What is cervicitis?
Cervicitis, sometimes called non-specific cervicitis or NSC, is inflammation of the cervix (the neck of the womb) that may cause vaginal discharge.
Cervicitis is common and causes of cervicitis include bacteria and sexually transmitted infections.
Determining the cause of cervicitis is important. If an infection is the problem, it can spread beyond the cervix to the uterus and fallopian tubes. This may cause problems with fertility - the ability to become pregnant. Or it may cause problems with your unborn baby if you are already pregnant.
Here's what you need to know about symptoms, causes, risk factors, tests, diagnosis and treatment of cervicitis.
What is cervicitis?
Cervicitis is inflammation of the cervix, which can be due to:
- Injury of cells that line the cervix
These irritated or infected cells may become red, swollen, and ooze mucus and pus. They may also bleed easily when touched.
What causes cervicitis?
Severe cases of inflammation are usually caused by infections that are passed during sexual activity.
Sexually transmitted infections (STIs) that may cause cervicitis include:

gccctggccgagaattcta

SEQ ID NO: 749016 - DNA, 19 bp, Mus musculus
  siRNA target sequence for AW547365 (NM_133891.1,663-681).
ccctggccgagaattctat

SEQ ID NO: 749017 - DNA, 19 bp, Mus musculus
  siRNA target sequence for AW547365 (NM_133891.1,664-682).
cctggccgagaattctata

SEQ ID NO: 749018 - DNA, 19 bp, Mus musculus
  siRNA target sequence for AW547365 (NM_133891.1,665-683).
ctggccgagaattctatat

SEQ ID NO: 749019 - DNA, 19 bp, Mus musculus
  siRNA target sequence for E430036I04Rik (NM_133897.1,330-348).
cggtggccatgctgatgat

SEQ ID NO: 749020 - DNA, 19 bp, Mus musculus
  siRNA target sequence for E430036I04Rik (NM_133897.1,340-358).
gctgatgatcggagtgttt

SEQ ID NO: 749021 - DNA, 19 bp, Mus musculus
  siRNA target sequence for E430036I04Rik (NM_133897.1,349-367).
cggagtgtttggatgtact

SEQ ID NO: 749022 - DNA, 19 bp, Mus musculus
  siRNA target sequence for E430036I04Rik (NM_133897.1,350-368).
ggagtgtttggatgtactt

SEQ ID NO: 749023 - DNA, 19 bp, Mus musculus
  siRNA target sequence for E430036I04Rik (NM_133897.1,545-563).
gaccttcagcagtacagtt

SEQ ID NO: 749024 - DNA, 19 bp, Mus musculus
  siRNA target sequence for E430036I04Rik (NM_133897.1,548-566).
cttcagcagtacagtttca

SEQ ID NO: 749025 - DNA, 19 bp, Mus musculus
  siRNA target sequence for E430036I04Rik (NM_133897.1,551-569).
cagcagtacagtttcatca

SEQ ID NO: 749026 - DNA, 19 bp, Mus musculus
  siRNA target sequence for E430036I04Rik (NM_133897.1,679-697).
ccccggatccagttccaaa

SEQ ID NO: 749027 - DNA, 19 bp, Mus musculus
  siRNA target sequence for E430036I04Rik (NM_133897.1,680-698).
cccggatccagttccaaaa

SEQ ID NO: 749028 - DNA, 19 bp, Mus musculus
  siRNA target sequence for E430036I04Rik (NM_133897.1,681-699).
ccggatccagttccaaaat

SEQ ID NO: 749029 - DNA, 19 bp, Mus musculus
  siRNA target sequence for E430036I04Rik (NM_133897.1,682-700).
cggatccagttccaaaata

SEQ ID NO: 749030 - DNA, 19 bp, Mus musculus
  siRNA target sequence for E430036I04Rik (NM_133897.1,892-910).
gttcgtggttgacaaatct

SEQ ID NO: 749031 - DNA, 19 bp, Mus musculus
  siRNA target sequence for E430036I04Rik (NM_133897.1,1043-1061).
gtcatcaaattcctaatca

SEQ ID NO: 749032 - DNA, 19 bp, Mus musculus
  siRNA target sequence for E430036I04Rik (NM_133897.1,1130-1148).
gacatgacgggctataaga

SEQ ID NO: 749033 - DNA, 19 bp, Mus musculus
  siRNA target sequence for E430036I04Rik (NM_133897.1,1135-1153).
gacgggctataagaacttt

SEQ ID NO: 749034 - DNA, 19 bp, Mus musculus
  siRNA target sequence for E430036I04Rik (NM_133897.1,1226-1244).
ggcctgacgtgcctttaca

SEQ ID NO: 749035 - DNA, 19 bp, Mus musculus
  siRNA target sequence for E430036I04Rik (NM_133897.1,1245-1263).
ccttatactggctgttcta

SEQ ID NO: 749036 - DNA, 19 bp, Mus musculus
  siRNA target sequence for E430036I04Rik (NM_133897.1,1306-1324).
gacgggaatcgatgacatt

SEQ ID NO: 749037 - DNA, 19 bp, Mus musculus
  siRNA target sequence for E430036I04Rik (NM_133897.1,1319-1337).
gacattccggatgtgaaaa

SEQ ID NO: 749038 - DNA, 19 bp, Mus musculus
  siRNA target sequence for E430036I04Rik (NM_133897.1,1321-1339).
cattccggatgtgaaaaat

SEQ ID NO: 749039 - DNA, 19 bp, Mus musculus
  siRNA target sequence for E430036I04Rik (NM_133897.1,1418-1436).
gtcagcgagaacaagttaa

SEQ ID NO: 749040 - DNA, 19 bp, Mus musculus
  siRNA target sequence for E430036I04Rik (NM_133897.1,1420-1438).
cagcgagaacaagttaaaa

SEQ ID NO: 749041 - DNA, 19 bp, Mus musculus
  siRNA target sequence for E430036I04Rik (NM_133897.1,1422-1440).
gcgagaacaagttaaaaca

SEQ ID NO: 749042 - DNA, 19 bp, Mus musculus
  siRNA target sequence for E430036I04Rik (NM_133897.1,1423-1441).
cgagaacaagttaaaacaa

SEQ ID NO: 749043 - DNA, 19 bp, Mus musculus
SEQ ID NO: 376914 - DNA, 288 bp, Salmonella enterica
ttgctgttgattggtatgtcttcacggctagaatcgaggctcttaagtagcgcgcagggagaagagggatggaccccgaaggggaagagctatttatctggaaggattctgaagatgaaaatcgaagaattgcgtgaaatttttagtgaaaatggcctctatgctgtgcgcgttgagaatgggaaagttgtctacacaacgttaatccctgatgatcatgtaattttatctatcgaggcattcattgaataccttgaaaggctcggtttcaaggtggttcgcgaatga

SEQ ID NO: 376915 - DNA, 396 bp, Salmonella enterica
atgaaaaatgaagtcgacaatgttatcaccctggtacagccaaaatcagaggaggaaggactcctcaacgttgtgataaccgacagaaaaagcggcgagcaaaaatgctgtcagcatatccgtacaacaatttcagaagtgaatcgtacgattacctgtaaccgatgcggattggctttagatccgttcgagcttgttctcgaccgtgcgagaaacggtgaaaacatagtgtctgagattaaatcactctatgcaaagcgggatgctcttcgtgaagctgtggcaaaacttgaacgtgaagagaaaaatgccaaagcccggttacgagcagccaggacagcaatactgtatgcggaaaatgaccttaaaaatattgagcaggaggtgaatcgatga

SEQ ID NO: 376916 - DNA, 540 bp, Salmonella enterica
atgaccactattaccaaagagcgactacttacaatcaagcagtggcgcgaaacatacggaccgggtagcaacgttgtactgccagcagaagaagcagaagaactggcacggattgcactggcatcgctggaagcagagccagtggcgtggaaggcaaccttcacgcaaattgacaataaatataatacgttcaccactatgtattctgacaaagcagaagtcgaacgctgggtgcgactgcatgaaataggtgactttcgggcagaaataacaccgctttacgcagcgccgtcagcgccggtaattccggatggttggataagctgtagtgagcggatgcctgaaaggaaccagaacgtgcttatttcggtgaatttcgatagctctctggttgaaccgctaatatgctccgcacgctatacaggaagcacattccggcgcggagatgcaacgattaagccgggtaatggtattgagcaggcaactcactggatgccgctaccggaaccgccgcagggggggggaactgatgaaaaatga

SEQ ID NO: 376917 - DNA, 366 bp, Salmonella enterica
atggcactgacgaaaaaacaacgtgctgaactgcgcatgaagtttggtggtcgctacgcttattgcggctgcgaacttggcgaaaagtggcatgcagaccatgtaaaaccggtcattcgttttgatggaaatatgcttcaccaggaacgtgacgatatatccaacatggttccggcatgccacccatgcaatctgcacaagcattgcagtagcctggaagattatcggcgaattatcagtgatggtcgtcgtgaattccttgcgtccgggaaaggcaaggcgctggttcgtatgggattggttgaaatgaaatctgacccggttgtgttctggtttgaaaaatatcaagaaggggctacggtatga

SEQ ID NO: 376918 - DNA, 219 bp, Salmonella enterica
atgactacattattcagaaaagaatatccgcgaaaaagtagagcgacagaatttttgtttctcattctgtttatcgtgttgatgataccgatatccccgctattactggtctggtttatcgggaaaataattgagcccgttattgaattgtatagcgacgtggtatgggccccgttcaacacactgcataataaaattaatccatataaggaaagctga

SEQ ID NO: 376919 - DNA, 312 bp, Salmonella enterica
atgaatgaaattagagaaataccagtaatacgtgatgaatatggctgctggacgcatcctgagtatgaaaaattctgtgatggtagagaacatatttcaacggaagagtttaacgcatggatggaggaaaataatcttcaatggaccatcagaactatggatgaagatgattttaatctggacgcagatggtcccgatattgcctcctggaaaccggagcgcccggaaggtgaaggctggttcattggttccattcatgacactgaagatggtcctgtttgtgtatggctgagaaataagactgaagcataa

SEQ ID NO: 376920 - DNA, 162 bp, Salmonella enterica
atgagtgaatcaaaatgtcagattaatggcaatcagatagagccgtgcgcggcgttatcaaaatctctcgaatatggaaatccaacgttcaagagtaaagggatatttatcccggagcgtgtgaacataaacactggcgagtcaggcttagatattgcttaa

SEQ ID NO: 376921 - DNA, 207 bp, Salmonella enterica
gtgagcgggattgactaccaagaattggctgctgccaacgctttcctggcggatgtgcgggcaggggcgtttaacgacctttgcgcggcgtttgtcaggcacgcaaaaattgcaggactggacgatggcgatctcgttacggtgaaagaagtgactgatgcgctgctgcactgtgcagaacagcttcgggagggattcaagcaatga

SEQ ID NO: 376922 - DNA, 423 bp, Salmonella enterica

But many women with cervicitis don't test positive for any type of infection. Other causes of the inflammation may include:
Symptoms of cervicitis
Many women with cervicitis don't have any symptoms. The condition may be discovered only after a routine examination or test.
Signs and symptoms, if present, may include:
Risk factors for cervicitis
You may be at greater risk of cervicitis if you:
- Had recent sexual intercourse without a condom.
- Recently had multiple sexual partners.
- Had cervicitis before.
Studies show that cervicitis will recur in 8% to 25% of women who get it.
If your doctor suspects you have cervicitis, he or she may do a pelvic examination. This lets the doctor get a closer look of the cervix.
The doctor will probably also swab the cervix to collect vaginal fluids or to see how easily it bleeds.
Your doctor will also probably ask questions about your sexual history. The doctor will want to know:
- The number of partners you've had in the last 60 days.
- Whether or not you've had sex without a condom.
- The kind of contraception you used.
Even if you don't have specific symptoms of cervicitis, your doctor will perform a routine examination to look for cervicitis if he or she thinks you are at risk of an STI or you have other symptoms of a possible gynaecological problem.